Zelensky, Putin Could Hold Peace Talks to End Ukraine War in This Location

Ukrainian President Volodymyr Zelensky on Sunday floated the prospect of holding peace talks with Russia in the city of Jerusalem, nearly a month after the Ukraine invasion began.

In a video address after speaking with Israel's legislative body via video link on Sunday, Zelensky said Israeli Prime Minister Naftali Bennett "is trying to find a way to negotiate with Russia."

Bennett had been working to act as an intermediary between Ukraine and Russia "so that sooner or later we start talking to Russia, perhaps in Jerusalem," Zelensky, who is Jewish, said in a video shared to his channel on the Telegram messaging service.

"This is the right place to find peace. If it is possible," he said, adding that Kyiv is "grateful" for Bennett's efforts.

"Of course, Israel has its interests, strategy to protect its citizens. We understand all of it," said Zelensky.

Russian Invasion

"It is already the 25th day since the Russian military has been vainly trying to find imaginary 'Nazis' from whom they allegedly wanted to defend our people," the Ukrainian leader captioned his video.

He was referring to the line Russian President Vladimir Putin's used in justifying Moscow's invasion of Ukraine. Putin declared a "special military operation" in Ukraine on February 24, saying Russia aims to to "denazify" and demilitarize the country. Ukraine and the West argue this a false pretext to justify the offensive.

"Just as they are vainly trying to find Ukrainians who would meet them with flowers. And most importantly - the Russian military cannot find a way home. That is why our soldiers help them with the path to God's judgment," wrote Zelensky.

Switching to Russian in his address, Zelensky told Ukrainians, "Russian propagandists have a tough job on their hands today. For the first time, a Ukrainian president spoke to the parliament of Israel and, by video recording, to the people of Israel, a Ukrainian accused of Nazism by Moscow."

"This very fact already proves that things are not as Moscow says."

His announcement came shortly after he addressed Israel's parliament, during which he criticized the country for refusing to impose sanctions on Russia, despite being called on to do so directly by the U.S.

Adopting a quasi-neutral position on Putin's invasion of Ukraine, Israel has also declined Zelensky's request for defensive weapons, but lawmakers during an emergency UN General Assembly meeting voted in favor of a resolution condemning the invasion, and urged Moscow to immediately withdraw troops from Kyiv.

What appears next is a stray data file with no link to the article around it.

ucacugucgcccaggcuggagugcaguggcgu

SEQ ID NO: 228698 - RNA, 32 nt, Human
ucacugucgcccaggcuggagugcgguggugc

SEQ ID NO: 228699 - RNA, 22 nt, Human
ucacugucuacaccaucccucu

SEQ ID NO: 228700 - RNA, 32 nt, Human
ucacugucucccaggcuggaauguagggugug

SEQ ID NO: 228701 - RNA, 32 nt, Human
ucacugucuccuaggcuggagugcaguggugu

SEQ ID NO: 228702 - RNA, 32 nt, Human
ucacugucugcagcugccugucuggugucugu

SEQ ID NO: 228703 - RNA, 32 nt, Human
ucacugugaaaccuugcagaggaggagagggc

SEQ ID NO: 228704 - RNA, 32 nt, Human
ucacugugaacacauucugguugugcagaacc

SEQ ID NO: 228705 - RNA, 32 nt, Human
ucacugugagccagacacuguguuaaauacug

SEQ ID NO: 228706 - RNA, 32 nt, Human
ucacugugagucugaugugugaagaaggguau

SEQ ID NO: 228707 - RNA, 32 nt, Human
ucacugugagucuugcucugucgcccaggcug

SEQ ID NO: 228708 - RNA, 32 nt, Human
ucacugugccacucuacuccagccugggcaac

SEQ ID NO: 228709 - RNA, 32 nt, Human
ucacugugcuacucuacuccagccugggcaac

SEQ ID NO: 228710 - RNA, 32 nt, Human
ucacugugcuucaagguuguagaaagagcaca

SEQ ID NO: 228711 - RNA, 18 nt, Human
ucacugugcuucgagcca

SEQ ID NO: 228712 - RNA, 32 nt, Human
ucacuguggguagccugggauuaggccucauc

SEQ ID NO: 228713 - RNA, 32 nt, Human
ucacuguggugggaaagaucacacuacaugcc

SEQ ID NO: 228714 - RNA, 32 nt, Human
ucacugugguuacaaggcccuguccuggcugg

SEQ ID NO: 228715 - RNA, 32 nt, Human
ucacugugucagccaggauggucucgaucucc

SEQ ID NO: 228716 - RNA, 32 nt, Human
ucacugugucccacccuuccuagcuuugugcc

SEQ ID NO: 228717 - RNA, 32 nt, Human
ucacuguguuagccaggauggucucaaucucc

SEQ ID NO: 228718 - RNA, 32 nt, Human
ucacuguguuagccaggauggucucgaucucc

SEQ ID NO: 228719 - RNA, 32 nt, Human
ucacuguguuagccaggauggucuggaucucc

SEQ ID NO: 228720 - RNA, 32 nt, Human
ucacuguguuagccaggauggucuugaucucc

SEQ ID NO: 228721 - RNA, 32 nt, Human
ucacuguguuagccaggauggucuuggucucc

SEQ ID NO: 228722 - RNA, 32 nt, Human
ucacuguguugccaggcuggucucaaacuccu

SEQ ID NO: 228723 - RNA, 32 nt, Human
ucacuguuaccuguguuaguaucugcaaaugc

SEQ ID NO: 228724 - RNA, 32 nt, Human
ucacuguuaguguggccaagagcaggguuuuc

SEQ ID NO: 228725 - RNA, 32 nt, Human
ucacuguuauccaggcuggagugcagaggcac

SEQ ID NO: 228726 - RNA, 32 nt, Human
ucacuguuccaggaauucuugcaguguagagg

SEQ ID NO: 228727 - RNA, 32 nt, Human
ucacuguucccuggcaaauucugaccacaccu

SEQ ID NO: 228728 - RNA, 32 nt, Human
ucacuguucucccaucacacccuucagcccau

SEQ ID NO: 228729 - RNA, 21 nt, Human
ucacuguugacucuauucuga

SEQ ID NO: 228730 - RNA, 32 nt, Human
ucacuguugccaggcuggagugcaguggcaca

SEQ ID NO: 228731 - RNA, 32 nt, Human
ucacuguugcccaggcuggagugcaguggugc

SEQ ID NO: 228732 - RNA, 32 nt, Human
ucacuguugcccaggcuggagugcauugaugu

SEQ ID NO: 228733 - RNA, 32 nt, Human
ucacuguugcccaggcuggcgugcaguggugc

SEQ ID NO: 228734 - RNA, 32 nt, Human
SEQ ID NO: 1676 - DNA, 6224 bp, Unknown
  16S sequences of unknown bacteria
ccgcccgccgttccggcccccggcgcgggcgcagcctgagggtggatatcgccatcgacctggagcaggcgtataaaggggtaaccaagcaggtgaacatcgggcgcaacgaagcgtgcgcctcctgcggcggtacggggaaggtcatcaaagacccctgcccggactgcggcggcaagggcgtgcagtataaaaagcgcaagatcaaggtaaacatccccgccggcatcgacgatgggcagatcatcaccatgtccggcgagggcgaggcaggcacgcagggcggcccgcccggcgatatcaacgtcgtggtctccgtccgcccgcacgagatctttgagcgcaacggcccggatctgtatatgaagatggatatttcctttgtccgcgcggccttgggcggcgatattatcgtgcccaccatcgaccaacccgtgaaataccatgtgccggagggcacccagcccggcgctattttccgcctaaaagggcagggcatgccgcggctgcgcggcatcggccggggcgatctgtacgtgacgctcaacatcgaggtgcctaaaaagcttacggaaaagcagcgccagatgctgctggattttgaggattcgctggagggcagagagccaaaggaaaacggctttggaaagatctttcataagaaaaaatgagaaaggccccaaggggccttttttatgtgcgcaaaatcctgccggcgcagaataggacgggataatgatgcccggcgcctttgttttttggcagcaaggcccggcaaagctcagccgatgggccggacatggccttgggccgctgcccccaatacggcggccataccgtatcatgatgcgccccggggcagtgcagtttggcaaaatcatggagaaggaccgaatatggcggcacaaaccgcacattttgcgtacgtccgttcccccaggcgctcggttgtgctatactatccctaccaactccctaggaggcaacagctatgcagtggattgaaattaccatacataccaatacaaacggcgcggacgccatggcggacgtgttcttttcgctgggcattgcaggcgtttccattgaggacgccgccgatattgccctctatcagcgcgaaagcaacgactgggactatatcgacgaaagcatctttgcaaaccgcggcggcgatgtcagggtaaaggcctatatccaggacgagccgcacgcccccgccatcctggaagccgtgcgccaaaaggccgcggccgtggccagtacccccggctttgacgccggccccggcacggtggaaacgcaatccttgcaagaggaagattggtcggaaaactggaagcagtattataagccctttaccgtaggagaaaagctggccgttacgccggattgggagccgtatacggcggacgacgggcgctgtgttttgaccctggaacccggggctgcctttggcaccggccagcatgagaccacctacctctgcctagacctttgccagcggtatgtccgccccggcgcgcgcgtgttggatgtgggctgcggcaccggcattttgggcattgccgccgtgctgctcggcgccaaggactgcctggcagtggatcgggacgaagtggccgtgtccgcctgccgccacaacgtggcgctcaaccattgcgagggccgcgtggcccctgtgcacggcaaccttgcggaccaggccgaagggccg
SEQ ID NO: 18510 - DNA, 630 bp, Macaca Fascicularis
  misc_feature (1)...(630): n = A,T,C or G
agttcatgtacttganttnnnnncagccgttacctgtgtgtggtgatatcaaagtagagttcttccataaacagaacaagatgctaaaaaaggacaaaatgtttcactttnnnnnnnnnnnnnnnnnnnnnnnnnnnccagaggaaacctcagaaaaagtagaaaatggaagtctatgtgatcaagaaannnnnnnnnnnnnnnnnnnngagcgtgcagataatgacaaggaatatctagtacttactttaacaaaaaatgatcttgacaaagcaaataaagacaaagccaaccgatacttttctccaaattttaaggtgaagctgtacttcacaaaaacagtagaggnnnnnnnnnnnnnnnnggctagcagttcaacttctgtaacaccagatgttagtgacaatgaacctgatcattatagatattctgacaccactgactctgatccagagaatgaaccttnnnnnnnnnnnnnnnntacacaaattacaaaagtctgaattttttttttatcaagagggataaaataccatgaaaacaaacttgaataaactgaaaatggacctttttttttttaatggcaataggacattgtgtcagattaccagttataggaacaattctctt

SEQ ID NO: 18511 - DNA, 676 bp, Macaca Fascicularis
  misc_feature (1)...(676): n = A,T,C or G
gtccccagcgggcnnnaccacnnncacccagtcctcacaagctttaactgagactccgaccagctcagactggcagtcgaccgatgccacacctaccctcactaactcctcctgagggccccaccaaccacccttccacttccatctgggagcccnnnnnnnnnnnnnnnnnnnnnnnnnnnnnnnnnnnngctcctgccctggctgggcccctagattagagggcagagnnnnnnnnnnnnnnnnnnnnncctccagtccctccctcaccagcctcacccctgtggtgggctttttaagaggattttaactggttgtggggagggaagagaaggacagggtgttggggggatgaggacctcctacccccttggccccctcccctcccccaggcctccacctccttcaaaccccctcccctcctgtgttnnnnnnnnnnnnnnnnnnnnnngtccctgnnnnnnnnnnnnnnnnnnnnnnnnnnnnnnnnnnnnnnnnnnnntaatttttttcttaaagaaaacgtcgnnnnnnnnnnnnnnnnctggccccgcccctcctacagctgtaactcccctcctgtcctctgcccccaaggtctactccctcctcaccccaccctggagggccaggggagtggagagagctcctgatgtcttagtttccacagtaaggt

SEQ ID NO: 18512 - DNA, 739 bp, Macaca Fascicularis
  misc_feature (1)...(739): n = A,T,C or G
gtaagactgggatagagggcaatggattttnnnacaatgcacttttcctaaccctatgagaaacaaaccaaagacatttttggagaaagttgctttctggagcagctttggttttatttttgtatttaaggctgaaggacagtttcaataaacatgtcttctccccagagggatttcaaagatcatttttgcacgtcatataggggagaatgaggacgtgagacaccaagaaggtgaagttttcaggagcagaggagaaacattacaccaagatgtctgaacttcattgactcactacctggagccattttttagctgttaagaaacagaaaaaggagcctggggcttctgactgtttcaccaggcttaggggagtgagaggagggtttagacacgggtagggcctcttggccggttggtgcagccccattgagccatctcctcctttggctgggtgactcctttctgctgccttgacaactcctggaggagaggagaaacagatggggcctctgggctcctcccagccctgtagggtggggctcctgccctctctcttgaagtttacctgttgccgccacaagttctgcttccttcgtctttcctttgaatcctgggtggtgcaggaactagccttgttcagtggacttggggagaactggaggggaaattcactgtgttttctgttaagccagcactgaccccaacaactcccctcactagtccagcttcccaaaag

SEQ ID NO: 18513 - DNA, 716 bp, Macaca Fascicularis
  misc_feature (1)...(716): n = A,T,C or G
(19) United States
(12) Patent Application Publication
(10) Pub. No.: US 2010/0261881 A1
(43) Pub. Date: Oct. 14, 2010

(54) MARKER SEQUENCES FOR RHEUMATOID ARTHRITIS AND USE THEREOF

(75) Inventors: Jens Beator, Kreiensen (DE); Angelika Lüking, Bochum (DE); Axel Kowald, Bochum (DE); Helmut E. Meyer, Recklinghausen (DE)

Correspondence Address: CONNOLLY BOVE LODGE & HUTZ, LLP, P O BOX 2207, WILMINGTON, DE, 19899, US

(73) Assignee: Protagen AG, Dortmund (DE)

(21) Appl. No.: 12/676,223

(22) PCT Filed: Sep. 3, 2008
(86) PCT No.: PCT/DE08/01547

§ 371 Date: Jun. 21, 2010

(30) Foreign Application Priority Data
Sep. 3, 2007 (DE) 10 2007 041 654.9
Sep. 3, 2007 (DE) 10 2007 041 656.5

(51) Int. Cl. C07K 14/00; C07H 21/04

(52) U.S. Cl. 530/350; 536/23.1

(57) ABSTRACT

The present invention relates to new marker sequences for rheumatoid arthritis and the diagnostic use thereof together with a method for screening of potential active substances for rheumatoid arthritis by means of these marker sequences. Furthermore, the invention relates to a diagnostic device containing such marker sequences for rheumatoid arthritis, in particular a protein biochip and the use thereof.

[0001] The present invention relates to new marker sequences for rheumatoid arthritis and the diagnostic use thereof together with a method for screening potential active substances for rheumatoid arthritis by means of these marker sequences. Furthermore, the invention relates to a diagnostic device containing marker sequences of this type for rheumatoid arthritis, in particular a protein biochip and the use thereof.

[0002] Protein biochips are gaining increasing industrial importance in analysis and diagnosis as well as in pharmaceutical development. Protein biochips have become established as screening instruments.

"Why has Israel refrained from sanctions on Russia? Israel needs to give answers to these questions and after that, live with them," Zelensky asked Israeli lawmakers on Sunday.

"Ukrainians have made their choice. 80 years ago. They rescued Jews. That is why the Righteous Among the Nations are among us. People of Israel, now you have such a choice," he wrote on his Telegram channel earlier.

According to intelligence updates from the U.S. Defense Department, Russia's efforts have largely stalled amid persistent and stiff Ukrainian resistance, nearly one month after forces invaded the country. A Pentagon official told reporters on March 17 that Russian advances appeared to be making minimal progress while commanders are struggling to sustain troops.

Newsweek has reached out to Russia's Ministry of Foreign Affairs and the Israeli Ministry of Foreign Affairs for comment.

Follow our live blog for updates on the Russia-Ukraine conflict.

Putin Zelensky potential peace talks
Ukrainian President Volodymyr Zelensky on Sunday floated the prospect of holding peace talks with Russia in the city of Jerusalem, nearly a month into the Ukraine invasion. Laurent Van der Stockt for Le Monde and LUDOVIC MARIN/AFP/Getty Images

Update 03/21/22 at 11:58 a.m. ET: This article was updated with Newsweek's attempts to contact Russian and Israeli officials.